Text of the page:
We can take advantage of this situation by paying attention to where institutional money is likely to support these stocks and entering with them in the high flyers. Every market environment has a theme. The theme of this market is to buy high and sell higher in the areas that the institutions are paying the most attention to.

Thursday, December 06, 2007

Market Misdirect Sets Up Powerful Buy Signal

The market threw us a curve ball this week as technicals pointed to a breakdown. It can be very frustrating when the market throws a misdirection at you, but it is important to not let that take you out of the game. These types of reversals tend to turn into strong trends in the new direction.

We are already seeing signs of a strong trend developing again. The same old culprits that we profited from so heavily in September and October are once again breaking out to new highs and showing a great deal of momentum building. These include agricultural chemicals and metals and mining.

So yes, yesterday's stop outs were painful. Nevertheless, they free us up to play the true market direction, which revealed itself yesterday. Now we can once again put our money to work in the sectors that have been offering the greatest profits all year. We suspect that this week's losses will be regained quickly.

Wednesday, December 05, 2007

Don't Get Chopped Up Here

If you don't have anything nice to say, don't say anything at all. This has always been good advice to follow. Likewise, if you don't have anything meaningful to say, ...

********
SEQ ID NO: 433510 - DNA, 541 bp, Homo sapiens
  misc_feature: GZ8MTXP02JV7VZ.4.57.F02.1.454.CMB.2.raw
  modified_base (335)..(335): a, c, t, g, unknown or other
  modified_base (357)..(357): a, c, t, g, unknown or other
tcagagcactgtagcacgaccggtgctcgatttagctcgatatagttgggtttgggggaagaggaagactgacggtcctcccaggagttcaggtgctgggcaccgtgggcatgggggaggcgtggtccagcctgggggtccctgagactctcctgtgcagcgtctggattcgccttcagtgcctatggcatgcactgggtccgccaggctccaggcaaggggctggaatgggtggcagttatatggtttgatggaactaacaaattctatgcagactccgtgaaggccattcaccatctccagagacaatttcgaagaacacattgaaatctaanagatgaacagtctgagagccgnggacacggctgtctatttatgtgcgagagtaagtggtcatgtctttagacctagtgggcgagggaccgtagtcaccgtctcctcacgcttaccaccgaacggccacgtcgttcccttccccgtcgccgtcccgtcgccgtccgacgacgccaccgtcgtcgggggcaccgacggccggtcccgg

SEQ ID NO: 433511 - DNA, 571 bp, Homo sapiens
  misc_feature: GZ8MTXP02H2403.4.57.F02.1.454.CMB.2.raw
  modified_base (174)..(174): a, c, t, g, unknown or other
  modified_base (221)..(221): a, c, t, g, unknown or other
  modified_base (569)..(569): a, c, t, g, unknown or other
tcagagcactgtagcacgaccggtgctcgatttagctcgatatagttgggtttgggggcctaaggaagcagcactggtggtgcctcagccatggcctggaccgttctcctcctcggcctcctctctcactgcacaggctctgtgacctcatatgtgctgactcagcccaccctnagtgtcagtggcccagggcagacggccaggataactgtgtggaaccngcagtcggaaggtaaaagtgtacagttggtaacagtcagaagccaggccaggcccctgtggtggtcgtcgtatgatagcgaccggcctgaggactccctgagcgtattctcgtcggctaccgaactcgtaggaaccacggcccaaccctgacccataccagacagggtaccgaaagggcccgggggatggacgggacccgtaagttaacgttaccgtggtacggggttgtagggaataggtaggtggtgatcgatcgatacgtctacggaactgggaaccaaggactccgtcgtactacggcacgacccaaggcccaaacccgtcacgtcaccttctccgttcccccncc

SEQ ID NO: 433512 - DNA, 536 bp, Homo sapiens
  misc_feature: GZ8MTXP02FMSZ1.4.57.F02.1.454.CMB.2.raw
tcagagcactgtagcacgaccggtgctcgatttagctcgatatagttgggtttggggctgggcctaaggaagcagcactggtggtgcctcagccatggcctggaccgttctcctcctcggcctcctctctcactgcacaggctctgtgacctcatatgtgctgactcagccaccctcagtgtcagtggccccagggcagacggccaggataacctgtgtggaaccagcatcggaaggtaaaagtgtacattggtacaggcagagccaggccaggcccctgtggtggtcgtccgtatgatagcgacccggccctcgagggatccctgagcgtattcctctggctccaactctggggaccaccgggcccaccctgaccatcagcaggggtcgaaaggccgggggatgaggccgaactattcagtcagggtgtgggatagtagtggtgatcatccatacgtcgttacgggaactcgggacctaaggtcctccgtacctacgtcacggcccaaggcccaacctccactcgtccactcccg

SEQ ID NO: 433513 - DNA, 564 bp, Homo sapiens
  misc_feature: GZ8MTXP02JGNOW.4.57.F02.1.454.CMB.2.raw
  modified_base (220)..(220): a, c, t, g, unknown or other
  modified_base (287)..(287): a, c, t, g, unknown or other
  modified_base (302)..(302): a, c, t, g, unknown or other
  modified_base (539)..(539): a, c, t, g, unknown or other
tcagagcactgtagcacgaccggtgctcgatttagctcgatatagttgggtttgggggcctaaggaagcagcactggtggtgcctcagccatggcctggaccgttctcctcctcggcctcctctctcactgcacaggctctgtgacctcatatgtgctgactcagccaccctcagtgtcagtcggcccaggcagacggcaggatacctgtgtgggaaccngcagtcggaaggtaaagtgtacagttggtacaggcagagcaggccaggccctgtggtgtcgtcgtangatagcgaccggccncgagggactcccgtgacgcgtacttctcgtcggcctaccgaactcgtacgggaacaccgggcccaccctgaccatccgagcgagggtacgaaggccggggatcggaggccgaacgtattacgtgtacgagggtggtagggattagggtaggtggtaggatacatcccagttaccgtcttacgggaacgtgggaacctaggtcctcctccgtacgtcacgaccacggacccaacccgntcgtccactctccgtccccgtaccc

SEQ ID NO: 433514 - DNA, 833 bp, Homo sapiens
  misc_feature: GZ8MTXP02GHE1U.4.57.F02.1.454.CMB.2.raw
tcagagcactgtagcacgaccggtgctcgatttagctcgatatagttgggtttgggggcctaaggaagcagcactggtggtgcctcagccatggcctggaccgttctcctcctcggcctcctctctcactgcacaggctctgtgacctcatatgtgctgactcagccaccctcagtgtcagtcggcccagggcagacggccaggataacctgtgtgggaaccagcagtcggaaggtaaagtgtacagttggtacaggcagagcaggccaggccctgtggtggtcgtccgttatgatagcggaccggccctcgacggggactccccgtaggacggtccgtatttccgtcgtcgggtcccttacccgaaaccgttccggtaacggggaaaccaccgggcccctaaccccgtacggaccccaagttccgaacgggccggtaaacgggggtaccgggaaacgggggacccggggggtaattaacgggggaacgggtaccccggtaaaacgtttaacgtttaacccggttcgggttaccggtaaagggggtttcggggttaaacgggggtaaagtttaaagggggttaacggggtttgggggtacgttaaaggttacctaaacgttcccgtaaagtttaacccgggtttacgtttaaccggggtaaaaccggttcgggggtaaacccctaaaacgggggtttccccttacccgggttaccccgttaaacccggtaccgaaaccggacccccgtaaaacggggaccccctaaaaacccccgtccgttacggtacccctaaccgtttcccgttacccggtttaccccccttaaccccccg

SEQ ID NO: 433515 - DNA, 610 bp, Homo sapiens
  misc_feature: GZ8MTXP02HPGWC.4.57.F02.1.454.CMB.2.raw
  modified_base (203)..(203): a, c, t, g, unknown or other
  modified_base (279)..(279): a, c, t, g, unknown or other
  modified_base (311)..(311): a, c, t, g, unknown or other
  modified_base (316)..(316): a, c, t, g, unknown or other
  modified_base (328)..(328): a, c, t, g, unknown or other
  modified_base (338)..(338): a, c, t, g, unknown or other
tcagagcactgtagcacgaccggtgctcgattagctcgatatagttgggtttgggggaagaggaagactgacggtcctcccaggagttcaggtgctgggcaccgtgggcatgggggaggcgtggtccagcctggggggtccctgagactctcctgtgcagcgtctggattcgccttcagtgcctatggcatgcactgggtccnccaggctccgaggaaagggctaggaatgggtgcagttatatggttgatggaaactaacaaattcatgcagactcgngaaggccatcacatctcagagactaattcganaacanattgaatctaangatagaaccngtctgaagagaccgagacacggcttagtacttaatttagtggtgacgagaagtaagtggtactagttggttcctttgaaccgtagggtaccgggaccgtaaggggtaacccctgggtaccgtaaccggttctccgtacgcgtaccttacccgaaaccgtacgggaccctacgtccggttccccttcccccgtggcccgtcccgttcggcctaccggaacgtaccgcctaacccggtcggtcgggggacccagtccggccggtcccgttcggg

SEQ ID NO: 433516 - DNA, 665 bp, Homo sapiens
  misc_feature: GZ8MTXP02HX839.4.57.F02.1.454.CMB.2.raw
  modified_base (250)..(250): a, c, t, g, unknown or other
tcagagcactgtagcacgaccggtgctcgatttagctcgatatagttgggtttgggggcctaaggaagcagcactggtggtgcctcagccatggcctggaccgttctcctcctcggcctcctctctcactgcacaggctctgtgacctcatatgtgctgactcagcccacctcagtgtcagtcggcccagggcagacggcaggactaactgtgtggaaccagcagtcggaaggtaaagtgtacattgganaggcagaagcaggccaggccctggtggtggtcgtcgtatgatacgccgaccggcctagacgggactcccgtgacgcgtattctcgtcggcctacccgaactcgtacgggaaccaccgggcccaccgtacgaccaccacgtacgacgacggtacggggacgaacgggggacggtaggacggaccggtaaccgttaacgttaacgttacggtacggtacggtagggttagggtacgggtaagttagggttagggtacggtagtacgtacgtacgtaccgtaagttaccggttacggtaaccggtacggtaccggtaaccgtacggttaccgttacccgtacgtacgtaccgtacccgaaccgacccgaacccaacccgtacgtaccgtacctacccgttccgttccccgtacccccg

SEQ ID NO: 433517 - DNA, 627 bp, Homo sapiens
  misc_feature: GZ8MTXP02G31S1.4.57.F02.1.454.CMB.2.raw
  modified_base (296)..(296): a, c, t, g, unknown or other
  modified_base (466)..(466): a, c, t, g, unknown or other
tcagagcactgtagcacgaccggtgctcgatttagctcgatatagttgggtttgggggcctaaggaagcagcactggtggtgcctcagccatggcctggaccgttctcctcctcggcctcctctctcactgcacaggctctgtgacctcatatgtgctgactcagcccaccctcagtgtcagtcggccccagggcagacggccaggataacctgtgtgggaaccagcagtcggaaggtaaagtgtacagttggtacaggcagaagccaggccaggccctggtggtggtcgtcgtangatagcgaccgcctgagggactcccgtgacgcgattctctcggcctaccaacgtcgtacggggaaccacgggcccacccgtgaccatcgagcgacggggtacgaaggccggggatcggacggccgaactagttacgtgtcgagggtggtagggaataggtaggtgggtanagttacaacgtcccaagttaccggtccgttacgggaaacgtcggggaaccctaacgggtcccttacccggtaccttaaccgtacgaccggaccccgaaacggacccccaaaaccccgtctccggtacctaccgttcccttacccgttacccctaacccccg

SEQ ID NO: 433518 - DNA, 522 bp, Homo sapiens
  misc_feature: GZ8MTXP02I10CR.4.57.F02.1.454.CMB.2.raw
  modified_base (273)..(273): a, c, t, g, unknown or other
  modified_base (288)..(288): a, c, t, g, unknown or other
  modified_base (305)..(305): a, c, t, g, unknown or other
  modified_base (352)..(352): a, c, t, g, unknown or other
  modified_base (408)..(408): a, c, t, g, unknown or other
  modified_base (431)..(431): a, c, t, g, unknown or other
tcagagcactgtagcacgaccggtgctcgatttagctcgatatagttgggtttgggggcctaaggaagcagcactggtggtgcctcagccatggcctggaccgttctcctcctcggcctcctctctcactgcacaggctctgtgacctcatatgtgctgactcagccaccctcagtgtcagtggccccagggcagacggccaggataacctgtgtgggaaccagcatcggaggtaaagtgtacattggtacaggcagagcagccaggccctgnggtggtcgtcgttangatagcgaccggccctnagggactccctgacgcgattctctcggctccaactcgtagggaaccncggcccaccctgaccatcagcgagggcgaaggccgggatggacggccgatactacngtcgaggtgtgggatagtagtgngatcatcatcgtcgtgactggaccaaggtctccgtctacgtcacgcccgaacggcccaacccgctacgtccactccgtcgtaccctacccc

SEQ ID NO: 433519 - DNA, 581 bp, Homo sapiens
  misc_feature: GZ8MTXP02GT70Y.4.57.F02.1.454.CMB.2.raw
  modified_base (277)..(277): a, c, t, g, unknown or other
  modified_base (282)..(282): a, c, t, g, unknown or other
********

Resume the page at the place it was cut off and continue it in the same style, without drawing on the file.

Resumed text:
The best we can offer today is that market conditions are extremely choppy. There are no good trends to follow and a catalyst to move the market may not occur until next week. It's best to stay patient here and wait for better set ups. Market predictability is an oxymoron in this environment. It is here that trading accounts get chopped up, so it's best to stand aside.

Tuesday, December 04, 2007

Downtrends Resume

Yesterday we noted that the longer term trend in the Nasdaq sector was still up and that shorting the broader market was not a good idea. Nevertheless, buying the broader market is not a good idea here either.

Meanwhile, we are seeing downtrends in the weakest sectors showing strong signs of exhaustion after last week's bounce. Technical conditions are ripe for a continuation of the downtrends in retail, banking, transportation, and housing.

Monday, December 03, 2007

Weakness Coming, Then Strength

Traders start off the week with few advantages. The market is quite likely to see weakness early this week. Nevertheless, the intermediate bias of the market should now be up due to the fact that the Fed is likely to lower rates yet again.

If you are a daytrader you should probably be putting on short positions over the next few days. If your timeframe is anything longer, then it's probably best to stand aside and wait for the long side to set up again before acting.

Here's why:

Using the QQQQ as our basis, note that the price is near term overbought and that the open gap below is quite vulnerable.

Swing traders might aggressively short today and hold for the gap fill, but the probabilities on the trade are less than strong. Trading rules 101 dictate that you don't trade against the trend. Below we will show how it is quite clear that shorting the market here is trading against the stronger, longer term trend.

Take a look at the QID, the ETF that trades inversely to the QQQQ (when the QQQQ goes down, the QID goes up).

It is clear that the QID is in a long term downtrend, which by default means that the QQQQ is in a long term uptrend.

So, once again, if you wish to be ultra aggressive here, open some shorts here. We believe, however, that any short positions are vulnerable to wide intraday price swings and that the smart money will be waiting to buy the next dip for a rally that is likely to last into the end of the year.